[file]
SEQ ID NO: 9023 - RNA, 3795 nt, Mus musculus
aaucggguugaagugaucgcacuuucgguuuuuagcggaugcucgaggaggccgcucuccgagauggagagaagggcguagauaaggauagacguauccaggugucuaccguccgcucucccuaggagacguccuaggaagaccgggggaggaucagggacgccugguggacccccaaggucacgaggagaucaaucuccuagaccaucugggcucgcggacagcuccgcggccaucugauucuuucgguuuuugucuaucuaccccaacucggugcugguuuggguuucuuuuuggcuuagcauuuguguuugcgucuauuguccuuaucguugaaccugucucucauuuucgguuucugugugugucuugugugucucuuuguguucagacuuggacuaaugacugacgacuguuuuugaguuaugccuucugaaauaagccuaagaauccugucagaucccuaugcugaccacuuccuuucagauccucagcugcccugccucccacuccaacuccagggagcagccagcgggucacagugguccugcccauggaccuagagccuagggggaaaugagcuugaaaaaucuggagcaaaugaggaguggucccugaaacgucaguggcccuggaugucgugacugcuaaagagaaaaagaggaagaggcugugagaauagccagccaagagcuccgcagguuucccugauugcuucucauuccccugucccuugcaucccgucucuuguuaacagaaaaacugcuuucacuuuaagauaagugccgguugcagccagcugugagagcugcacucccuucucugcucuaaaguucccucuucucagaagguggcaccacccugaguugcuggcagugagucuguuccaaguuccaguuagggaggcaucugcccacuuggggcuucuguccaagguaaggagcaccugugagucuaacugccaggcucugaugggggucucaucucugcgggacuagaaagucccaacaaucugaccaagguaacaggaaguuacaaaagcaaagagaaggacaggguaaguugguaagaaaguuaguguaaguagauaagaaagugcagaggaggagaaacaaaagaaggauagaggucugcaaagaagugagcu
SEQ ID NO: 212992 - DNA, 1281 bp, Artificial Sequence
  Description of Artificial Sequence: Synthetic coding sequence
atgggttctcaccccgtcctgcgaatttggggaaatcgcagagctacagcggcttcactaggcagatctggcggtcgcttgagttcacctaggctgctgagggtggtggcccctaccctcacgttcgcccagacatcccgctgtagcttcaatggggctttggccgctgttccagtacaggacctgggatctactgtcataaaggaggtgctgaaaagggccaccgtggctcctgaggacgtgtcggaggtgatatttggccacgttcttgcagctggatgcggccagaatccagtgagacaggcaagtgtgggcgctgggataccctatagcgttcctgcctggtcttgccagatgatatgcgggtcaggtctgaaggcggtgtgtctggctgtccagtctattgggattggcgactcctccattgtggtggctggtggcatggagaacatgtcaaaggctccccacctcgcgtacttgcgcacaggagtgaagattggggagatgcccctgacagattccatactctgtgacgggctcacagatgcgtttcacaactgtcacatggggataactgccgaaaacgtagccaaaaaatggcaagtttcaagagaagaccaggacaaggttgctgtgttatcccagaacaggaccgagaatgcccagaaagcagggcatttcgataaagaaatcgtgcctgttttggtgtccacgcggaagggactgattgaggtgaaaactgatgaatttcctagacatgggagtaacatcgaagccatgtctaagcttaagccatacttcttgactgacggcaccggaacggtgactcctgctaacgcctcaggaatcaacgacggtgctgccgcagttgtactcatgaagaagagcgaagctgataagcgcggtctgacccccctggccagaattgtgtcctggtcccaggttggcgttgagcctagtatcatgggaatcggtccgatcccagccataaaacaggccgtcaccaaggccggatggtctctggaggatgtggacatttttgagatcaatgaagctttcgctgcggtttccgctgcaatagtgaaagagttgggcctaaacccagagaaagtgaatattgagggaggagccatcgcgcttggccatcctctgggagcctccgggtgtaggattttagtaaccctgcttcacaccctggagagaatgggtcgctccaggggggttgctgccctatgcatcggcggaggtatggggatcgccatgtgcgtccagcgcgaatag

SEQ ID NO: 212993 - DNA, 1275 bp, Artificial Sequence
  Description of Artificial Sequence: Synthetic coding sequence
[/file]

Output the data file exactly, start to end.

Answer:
SEQ ID NO: 9023 - RNA, 3795 nt, Mus musculus
aaucggguugaagugaucgcacuuucgguuuuuagcggaugcucgaggaggccgcucuccgagauggagagaagggcguagauaaggauagacguauccaggugucuaccguccgcucucccuaggagacguccuaggaagaccgggggaggaucagggacgccugguggacccccaaggucacgaggagaucaaucuccuagaccaucugggcucgcggacagcuccgcggccaucugauucuuucgguuuuugucuaucuaccccaacucggugcugguuuggguuucuuuuuggcuuagcauuuguguuugcgucuauuguccuuaucguugaaccugucucucauuuucgguuucugugugugucuugugugucucuuuguguucagacuuggacuaaugacugacgacuguuuuugaguuaugccuucugaaauaagccuaagaauccugucagaucccuaugcugaccacuuccuuucagauccucagcugcccugccucccacuccaacuccagggagcagccagcgggucacagugguccugcccauggaccuagagccuagggggaaaugagcuugaaaaaucuggagcaaaugaggaguggucccugaaacgucaguggcccuggaugucgugacugcuaaagagaaaaagaggaagaggcugugagaauagccagccaagagcuccgcagguuucccugauugcuucucauuccccugucccuugcaucccgucucuuguuaacagaaaaacugcuuucacuuuaagauaagugccgguugcagccagcugugagagcugcacucccuucucugcucuaaaguucccucuucucagaagguggcaccacccugaguugcuggcagugagucuguuccaaguuccaguuagggaggcaucugcccacuuggggcuucuguccaagguaaggagcaccugugagucuaacugccaggcucugaugggggucucaucucugcgggacuagaaagucccaacaaucugaccaagguaacaggaaguuacaaaagcaaagagaaggacaggguaaguugguaagaaaguuaguguaaguagauaagaaagugcagaggaggagaaacaaaagaaggauagaggucugcaaagaagugagcu
SEQ ID NO: 212992 - DNA, 1281 bp, Artificial Sequence
  Description of Artificial Sequence: Synthetic coding sequence
atgggttctcaccccgtcctgcgaatttggggaaatcgcagagctacagcggcttcactaggcagatctggcggtcgcttgagttcacctaggctgctgagggtggtggcccctaccctcacgttcgcccagacatcccgctgtagcttcaatggggctttggccgctgttccagtacaggacctgggatctactgtcataaaggaggtgctgaaaagggccaccgtggctcctgaggacgtgtcggaggtgatatttggccacgttcttgcagctggatgcggccagaatccagtgagacaggcaagtgtgggcgctgggataccctatagcgttcctgcctggtcttgccagatgatatgcgggtcaggtctgaaggcggtgtgtctggctgtccagtctattgggattggcgactcctccattgtggtggctggtggcatggagaacatgtcaaaggctccccacctcgcgtacttgcgcacaggagtgaagattggggagatgcccctgacagattccatactctgtgacgggctcacagatgcgtttcacaactgtcacatggggataactgccgaaaacgtagccaaaaaatggcaagtttcaagagaagaccaggacaaggttgctgtgttatcccagaacaggaccgagaatgcccagaaagcagggcatttcgataaagaaatcgtgcctgttttggtgtccacgcggaagggactgattgaggtgaaaactgatgaatttcctagacatgggagtaacatcgaagccatgtctaagcttaagccatacttcttgactgacggcaccggaacggtgactcctgctaacgcctcaggaatcaacgacggtgctgccgcagttgtactcatgaagaagagcgaagctgataagcgcggtctgacccccctggccagaattgtgtcctggtcccaggttggcgttgagcctagtatcatgggaatcggtccgatcccagccataaaacaggccgtcaccaaggccggatggtctctggaggatgtggacatttttgagatcaatgaagctttcgctgcggtttccgctgcaatagtgaaagagttgggcctaaacccagagaaagtgaatattgagggaggagccatcgcgcttggccatcctctgggagcctccgggtgtaggattttagtaaccctgcttcacaccctggagagaatgggtcgctccaggggggttgctgccctatgcatcggcggaggtatggggatcgccatgtgcgtccagcgcgaatag

SEQ ID NO: 212993 - DNA, 1275 bp, Artificial Sequence
  Description of Artificial Sequence: Synthetic coding sequence